Welcome to European Tribune. It's gone a bit quiet around here these days, but it's still going.
Student agitation has been going on since Mariastella Gelmini presented "her" reform, more aptly known as "Tremonti's School Cut." It has built in intensity since the beginning of October.

In short, each school or faculty set up its own website(s) that simply networked into a complex intercommunicative system, now known as l'Onda, the Wave. Students could join emailing lists by signing up at their faculty or school. The students- as well as teachers and deans- quickly set down basic guidelines for action that would allow the maximum of activity without unequivocally breaking the laws. Schools would allow for spaces and time lots for self-governing student activity that would not compromise classes. All loopholes and ambiguities in the law were exploited to the maximum so as foil any pretext by authorities to intervene.

This network, l'Onda, which continues to grow in vitality, is responsible for this "new way" of protesting which consists of apparently spontaneous happenings decentralized throughout the territory. It's very much like a living organism that has no head or tail, nor can be dismembered or decapitated. Excuse the crude language but the metaphor is apt. Every segment is the head and the body. So it all appears very spontaneous and improvised but to the contrary is highly organized. The movement causes disorientation because it appears to be far greater than what it is. But at the same time it is light and quick. The city of Rome has been chaotic for the past ten days because the students make themselves strongly present everywhere without totally occupying the territory. In fact, most people enjoy the chaos and goad on the students. Anti-student comments are very rare.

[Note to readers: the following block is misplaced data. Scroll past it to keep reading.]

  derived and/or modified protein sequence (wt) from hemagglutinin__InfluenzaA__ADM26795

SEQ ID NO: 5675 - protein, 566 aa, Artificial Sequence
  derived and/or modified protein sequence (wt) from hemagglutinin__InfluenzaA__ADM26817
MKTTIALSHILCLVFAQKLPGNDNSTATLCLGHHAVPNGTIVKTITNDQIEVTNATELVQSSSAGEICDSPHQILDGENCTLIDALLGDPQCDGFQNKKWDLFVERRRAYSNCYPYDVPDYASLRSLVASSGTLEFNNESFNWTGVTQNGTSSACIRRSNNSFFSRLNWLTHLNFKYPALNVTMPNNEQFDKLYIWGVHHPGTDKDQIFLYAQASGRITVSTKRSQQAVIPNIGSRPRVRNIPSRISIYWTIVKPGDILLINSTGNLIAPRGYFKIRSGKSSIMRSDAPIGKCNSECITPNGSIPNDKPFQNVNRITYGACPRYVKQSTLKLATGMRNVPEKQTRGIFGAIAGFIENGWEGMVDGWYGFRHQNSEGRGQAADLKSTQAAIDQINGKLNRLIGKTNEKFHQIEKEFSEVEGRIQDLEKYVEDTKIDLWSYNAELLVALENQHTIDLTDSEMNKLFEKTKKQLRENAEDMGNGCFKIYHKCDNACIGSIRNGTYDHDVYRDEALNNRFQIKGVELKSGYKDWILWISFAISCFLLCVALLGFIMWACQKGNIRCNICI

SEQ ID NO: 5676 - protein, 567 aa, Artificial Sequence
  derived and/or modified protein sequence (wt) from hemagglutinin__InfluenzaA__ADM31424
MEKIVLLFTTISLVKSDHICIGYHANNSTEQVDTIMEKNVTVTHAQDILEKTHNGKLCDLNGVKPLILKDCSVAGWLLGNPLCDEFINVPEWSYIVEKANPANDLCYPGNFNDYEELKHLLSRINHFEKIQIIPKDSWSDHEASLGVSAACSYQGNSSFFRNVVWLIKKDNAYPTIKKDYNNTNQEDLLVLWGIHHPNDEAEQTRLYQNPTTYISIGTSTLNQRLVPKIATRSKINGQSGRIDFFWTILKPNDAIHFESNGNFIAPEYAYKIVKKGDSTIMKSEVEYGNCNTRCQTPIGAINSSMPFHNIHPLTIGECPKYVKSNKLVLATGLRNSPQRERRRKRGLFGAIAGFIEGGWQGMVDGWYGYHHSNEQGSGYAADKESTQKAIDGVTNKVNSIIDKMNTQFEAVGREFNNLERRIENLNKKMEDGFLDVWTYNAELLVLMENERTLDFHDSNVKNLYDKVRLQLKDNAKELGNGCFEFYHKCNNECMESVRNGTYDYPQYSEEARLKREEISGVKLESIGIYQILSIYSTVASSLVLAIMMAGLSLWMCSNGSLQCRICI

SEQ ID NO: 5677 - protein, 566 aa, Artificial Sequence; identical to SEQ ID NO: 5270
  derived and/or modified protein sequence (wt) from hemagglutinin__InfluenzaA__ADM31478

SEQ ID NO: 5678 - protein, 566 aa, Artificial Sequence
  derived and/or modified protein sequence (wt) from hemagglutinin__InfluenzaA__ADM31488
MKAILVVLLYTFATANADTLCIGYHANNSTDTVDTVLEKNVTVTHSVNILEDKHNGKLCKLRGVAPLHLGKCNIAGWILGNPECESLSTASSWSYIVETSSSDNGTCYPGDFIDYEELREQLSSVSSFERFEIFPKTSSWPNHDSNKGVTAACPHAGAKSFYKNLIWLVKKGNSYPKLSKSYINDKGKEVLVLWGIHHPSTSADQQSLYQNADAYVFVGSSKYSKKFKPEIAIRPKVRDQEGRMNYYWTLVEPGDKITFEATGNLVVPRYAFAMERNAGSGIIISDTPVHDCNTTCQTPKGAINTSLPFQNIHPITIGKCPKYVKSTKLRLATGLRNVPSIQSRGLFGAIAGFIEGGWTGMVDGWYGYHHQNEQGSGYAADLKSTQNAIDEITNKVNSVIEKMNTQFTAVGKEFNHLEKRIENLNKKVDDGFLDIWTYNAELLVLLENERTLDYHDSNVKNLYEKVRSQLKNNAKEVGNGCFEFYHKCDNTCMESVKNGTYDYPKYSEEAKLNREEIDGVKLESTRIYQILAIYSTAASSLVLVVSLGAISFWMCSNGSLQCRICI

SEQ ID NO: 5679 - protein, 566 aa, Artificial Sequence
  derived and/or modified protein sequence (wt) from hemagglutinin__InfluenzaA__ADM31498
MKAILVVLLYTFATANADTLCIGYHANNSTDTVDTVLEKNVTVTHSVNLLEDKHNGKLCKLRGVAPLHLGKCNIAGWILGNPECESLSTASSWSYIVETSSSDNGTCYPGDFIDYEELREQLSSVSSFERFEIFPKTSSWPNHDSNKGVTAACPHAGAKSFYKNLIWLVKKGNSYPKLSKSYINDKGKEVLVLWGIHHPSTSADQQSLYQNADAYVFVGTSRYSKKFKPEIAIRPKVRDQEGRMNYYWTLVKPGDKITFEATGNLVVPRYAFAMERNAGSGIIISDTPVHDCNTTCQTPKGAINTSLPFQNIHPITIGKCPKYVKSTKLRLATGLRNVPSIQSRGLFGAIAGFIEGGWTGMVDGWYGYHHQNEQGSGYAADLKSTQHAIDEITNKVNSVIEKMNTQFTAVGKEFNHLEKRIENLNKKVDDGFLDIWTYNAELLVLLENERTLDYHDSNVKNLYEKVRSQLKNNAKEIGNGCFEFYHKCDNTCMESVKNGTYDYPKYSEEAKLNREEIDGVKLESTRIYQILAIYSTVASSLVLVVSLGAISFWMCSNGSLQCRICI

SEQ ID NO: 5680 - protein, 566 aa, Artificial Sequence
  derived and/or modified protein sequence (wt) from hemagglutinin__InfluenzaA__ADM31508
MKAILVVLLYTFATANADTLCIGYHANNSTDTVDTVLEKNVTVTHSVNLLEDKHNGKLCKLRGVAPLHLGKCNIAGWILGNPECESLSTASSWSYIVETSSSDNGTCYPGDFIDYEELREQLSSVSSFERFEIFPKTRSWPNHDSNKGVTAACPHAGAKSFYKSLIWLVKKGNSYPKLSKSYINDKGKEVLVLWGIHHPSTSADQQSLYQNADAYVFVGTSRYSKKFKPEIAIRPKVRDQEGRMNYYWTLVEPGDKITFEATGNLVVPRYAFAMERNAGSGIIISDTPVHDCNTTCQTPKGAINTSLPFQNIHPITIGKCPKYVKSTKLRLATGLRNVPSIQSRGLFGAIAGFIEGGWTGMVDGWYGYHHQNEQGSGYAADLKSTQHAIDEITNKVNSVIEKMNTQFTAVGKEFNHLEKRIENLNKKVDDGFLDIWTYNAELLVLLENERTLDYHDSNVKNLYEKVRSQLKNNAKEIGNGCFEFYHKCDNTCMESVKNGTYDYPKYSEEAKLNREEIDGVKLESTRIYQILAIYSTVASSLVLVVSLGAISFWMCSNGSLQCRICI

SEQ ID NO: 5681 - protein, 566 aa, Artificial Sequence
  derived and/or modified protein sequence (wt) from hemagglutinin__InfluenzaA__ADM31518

Most of the initiatives testify to the brilliance of the student organizers, such as public classes in major historical squares or even slums. The classes are so fascinating that many people stop what they routinely do just to listen and participate in the lessons. These educational events act as content-rich disruptive events in the average citizen's daily life. They have helped immensely in winning over much of the population to the students' protest and totally isolating the government in its boob tube castle.

All attempts by government propaganda to  smear the movement have been ineffectual since the students have been very quick at turning government snippets upside down or turning them into a counter-slogan. To this the students add recurrent taunts against government figures, a leitmotif of insults, usually associated with that age-group, but which becomes a strong tool.  

It is in this frustrating context that the government has sought to raise the level of conflict as hoped by Cossiga, the editorialists of the Berlusconi press, and sundry sycophants. In Piazza Navona and Bologna the government found grist for their attempt to criminalize the movement.

by de Gondi (publiobestia aaaatttthotmaildaughtusual) on Fri Oct 31st, 2008 at 07:48:30 PM EST
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